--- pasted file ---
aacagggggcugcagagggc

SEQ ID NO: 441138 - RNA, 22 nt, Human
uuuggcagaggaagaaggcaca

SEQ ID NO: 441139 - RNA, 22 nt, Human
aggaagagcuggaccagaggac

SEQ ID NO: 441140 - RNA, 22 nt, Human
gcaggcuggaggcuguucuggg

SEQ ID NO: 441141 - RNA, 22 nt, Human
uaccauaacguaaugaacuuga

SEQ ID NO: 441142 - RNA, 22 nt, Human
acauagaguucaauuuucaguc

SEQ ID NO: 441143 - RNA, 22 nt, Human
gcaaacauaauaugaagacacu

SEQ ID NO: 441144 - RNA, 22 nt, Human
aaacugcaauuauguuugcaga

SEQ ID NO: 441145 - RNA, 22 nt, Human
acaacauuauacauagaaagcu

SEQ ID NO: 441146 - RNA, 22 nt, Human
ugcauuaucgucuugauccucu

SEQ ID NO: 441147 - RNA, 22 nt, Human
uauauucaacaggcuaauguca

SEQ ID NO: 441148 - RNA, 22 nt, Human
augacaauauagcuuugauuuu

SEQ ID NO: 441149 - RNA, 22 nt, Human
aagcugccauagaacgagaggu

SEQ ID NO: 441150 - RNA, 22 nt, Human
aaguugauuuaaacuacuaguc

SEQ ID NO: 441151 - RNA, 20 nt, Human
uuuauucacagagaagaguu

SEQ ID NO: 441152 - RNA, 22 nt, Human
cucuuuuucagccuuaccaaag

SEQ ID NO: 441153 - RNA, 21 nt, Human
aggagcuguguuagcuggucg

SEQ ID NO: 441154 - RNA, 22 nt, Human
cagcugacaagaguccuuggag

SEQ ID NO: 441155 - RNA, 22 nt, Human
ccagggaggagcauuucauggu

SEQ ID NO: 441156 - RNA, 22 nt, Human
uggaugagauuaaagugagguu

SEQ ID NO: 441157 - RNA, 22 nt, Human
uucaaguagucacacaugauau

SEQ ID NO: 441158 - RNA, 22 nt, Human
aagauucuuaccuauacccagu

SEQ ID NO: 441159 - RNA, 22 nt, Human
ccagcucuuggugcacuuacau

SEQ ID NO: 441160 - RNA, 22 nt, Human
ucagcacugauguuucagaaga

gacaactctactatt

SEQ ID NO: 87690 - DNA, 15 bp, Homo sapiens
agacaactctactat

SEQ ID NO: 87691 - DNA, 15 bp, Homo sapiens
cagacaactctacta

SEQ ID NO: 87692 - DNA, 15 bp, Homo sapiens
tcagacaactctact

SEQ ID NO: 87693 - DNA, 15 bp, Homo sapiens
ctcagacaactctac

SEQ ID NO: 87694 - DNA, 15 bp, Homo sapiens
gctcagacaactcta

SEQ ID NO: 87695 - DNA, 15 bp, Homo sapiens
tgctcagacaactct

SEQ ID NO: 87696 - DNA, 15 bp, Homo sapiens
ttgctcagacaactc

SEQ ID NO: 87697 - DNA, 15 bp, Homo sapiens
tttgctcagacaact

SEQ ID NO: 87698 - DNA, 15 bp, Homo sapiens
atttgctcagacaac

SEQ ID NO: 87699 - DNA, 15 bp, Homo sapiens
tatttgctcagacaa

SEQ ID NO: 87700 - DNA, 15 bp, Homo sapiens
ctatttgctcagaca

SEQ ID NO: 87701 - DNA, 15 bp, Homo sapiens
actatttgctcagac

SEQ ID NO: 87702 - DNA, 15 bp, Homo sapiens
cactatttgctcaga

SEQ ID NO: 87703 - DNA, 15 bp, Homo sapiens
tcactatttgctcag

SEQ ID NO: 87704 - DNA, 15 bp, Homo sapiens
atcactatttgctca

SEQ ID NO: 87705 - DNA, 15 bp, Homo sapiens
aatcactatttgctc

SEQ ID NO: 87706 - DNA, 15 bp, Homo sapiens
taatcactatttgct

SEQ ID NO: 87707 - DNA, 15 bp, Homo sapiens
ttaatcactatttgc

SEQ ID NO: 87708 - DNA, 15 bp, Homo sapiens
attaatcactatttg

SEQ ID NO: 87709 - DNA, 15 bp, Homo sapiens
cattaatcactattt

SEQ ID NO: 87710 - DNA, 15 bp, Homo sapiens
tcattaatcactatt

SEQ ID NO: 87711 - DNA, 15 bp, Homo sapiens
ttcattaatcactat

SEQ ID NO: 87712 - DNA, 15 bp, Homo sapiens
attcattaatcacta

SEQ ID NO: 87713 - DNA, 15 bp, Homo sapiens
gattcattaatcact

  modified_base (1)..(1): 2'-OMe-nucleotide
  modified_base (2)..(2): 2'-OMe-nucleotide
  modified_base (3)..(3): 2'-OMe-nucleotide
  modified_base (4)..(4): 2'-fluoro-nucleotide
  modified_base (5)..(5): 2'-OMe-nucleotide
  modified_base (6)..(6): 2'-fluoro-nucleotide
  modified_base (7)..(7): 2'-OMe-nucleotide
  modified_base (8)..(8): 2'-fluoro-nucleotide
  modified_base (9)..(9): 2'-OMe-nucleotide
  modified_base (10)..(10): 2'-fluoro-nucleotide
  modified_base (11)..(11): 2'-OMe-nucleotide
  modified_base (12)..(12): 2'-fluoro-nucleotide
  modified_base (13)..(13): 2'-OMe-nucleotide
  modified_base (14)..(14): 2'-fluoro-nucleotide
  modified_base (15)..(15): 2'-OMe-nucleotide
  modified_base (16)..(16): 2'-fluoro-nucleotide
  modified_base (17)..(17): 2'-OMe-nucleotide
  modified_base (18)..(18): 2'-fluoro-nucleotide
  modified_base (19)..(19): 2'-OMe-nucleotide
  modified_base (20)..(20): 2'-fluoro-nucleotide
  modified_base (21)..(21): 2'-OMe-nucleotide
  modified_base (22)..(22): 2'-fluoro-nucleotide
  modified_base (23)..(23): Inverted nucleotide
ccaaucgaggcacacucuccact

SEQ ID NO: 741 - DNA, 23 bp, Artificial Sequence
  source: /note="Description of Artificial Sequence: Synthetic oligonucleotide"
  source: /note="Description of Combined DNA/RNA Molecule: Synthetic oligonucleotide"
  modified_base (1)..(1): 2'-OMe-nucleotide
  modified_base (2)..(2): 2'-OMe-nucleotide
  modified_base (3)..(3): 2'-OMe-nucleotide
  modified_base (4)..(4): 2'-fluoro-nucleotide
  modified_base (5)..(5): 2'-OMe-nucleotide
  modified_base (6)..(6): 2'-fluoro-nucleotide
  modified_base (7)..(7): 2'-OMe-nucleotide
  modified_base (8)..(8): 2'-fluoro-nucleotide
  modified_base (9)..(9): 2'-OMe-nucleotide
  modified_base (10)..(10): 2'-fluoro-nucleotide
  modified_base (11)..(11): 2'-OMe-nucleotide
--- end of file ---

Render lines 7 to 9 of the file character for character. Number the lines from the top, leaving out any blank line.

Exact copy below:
gcaggcuggaggcuguucuggg

SEQ ID NO: 441141 - RNA, 22 nt, Human
uaccauaacguaaugaacuuga